Making Curriculum Pop

Peter Gutierrez's blog post about the "Graphica in Education Conference" inspired this week's graphic novel theme. As a high school curriculum coordinator I spend a good chunk of my job looking for resources to help teachers make their curriculum pop. So if your new to the MC POP Ning - the idea behind this "bouncing blog" is that I share 2 or 3 pop resources daily as a conversation starter for all the pop educators out there. If you have something to add to the theme/discipline of the day please add your voice and resources into the mix!

That being said, today I'm sharing some cool comics for folks teaching American History.

1. Let's start with this impressive series of comics geared to the middle school (8-12 year-old) set. Turning Points is on its third volume. The main author is an impressive writer who I first came across when I read his great Atlantic article on wikis - hopefully they have many more titles in the works.
The titles so far:
A House Divided (on the Civil War)
Little Rock Nine
Sons of Liberty (on the creation of the Declaration of Independence)

2. Next we have an eccentric series of graphic novels that is probably suitable for ages 12- through adult. The most USEFUL of these titles a graphic novel retelling of Malcolm X's story which allows students to do some great pre-reading before taking the full literary pilgrimage from East Lansing to Mecca. By far the most bizarre of of the series is the biography of FBI director J. Edgar Hoover - did I even have to qualify that that story might be bizarre?
Other interesting titles from publisher include:
The United States Constitution: A Graphic Adaptation
Students for a Democratic Society: A Graphic History
Ronald Reagan: A Graphic Biography
The 9/11 Report: A Graphic Adaptation
After 9/11: America's War on Terror (2001- )

3. Lastly, we have a really interesting graphic retelling of a section of Howard Zinn's famous book A People's History of the United States titled A People's History of the American Empire. You can hook this kids on this provocative read by playing this great short film featured on the Amazon site with Zinn's dour voiceover.

Feel free to post related resources below!!!

Good Vibes,

RRG:)

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As always, great resources Ryan. Excited to check out the Zinn adaptation - that sounds fantastic.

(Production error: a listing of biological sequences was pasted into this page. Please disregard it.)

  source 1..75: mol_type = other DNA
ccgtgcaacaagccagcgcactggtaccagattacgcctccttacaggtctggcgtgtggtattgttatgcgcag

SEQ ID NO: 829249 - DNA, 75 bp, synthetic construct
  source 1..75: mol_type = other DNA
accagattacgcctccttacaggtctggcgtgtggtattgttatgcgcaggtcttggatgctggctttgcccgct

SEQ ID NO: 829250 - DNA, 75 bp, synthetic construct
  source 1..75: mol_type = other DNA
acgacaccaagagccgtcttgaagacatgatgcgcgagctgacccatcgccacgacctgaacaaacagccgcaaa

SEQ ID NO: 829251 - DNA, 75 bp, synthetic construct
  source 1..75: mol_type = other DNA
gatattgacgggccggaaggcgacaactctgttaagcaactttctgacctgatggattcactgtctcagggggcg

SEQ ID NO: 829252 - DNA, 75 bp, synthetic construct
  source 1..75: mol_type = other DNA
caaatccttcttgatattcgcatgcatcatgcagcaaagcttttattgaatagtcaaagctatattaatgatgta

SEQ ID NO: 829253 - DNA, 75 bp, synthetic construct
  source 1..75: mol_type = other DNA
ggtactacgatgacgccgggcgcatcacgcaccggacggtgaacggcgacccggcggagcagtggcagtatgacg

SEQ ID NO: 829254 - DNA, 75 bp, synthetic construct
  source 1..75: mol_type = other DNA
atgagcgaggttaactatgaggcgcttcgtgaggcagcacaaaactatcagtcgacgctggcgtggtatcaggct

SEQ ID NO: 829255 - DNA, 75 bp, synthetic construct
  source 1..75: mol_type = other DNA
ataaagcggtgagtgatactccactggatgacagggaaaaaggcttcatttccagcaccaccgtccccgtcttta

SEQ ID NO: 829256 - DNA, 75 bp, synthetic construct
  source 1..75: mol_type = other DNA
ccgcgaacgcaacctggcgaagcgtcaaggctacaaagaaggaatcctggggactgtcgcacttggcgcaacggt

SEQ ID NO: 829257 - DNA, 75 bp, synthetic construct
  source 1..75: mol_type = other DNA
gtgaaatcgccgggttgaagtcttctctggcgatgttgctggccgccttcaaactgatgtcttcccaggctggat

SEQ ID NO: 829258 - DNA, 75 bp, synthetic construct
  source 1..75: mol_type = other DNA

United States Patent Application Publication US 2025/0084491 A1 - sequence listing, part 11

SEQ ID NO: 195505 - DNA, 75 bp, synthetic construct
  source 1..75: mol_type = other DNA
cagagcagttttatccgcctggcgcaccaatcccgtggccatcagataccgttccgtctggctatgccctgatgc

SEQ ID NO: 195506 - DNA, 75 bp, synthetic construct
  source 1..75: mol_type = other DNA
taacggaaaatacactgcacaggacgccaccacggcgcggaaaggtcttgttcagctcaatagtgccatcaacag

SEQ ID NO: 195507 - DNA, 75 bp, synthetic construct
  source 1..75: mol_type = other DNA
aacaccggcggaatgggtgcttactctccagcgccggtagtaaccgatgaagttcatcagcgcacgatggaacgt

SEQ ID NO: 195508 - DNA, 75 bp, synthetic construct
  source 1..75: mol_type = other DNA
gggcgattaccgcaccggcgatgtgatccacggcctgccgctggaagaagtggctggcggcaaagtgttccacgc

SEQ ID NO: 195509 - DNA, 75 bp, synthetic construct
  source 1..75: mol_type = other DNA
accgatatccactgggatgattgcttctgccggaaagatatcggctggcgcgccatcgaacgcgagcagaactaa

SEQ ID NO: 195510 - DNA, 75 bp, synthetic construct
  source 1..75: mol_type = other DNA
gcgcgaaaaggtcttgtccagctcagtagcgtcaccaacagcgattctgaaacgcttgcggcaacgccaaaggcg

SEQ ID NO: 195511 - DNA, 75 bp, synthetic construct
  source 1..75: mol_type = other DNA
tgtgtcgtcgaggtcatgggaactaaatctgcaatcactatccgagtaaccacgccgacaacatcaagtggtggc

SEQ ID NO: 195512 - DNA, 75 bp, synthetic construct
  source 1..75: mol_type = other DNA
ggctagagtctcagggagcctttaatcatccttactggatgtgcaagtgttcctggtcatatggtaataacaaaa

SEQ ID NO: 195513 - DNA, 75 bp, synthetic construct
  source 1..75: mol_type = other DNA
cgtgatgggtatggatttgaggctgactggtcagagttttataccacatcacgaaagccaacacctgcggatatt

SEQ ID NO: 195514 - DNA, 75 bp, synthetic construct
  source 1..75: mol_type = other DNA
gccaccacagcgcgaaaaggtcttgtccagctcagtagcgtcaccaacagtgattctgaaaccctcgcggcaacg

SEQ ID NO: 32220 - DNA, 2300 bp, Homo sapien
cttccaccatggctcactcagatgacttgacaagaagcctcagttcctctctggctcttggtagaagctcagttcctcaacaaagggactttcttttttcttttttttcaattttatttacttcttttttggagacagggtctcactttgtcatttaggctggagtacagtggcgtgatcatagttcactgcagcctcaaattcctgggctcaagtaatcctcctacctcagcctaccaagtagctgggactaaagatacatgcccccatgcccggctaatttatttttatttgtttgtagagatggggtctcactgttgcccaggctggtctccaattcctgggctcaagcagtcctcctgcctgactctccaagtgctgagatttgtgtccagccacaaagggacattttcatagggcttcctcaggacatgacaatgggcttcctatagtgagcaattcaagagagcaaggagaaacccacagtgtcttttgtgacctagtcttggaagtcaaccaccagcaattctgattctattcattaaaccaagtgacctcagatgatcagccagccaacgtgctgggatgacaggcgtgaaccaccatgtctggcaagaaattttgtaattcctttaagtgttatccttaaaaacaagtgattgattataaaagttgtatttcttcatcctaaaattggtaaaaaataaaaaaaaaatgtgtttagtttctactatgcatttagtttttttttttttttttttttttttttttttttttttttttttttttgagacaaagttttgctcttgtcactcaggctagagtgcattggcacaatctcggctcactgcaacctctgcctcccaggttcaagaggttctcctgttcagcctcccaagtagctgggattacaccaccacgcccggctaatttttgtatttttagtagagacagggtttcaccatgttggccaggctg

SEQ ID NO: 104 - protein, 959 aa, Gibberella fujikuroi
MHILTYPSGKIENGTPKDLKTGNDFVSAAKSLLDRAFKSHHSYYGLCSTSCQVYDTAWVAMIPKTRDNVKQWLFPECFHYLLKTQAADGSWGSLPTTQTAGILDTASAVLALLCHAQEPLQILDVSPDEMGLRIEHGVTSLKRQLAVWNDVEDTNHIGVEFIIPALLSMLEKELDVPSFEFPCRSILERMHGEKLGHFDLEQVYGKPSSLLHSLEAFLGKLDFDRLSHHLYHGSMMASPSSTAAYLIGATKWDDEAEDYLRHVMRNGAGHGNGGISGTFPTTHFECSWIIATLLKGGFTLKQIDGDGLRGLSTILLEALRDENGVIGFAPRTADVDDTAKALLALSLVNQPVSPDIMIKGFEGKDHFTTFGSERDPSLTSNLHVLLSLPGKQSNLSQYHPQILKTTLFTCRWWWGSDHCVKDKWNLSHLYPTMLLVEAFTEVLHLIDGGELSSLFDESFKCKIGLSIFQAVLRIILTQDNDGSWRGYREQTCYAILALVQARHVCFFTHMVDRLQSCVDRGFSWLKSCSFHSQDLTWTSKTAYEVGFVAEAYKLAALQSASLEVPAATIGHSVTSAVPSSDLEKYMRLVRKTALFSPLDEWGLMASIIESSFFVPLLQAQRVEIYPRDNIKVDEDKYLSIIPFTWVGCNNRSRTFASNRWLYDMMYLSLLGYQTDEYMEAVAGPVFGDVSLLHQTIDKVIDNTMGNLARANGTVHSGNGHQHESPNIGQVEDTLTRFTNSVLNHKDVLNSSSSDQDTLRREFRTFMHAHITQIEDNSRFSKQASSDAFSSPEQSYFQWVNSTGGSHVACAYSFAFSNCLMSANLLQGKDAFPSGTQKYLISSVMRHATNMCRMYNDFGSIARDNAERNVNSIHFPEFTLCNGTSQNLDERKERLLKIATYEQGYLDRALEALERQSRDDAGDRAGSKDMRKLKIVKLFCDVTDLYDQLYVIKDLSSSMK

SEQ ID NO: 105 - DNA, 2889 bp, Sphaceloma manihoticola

I second the Malcolm X gn, it' s quite well drawn, which can be a rare thing for serious sorts of works.

I just finished "Alan's War" which was quite a treat in storytelling. Highly recommended: http://us.macmillan.com/alanswar

all for now,
n
oh, just seeing John's post - ugh, cool what you did and sorry to hear it. That sucks.
Ryan,

The graphic biography on Malcolm X is a great one. I incorporated it into our new ninth grade English basic curriculum, into a unit with Maus vol. 1 and American Born Chinese. ABC, I know, has more fantasy elements than standard autobiography, but since our local library put it in the nonfiction section, it's fair game for the nonfiction unit. In fact, in the curriculum, I called the unit graphic nonfiction, which seems more appropriate than graphic novel.

Unfortunately, no sooner did I create this great unit for ninth grade English than I was taken off ninth grade and switched to eleventh grade English basic. Graphic nonfiction will now be taught by three teachers who haven't ever picked up a comic book. I asked for some time to train the teachers in dealing with graphic texts, but so far have been denied the inservice requests. Oh, well.

John Weaver
So is "Alan's War" a WWII memior/non-fiction or historical fiction?

Funny, John is not feeling you now...
Thank you for those AWESOME resources, Ryan. I wish that I had more to add but your knowledge of this area is much greater than mine. I had a Constitutional Convention graphic narrative that I used when I taught, but I couldn't find it online. To be honest, it wasn't very interesting anyway.

The 9/11 report is fantastic. I got a chance to check it out in my World History class at TC. It really does a great job breaking down a very complex issue without sacrificing anything important.

I didn't know Zinn had a graphic retelling. I'm on it!!!
Alice,

Thanks for the thanks - my brain is filled with lots of useless crap so it is nice to share it with peeps that can use it :)

RRG:)

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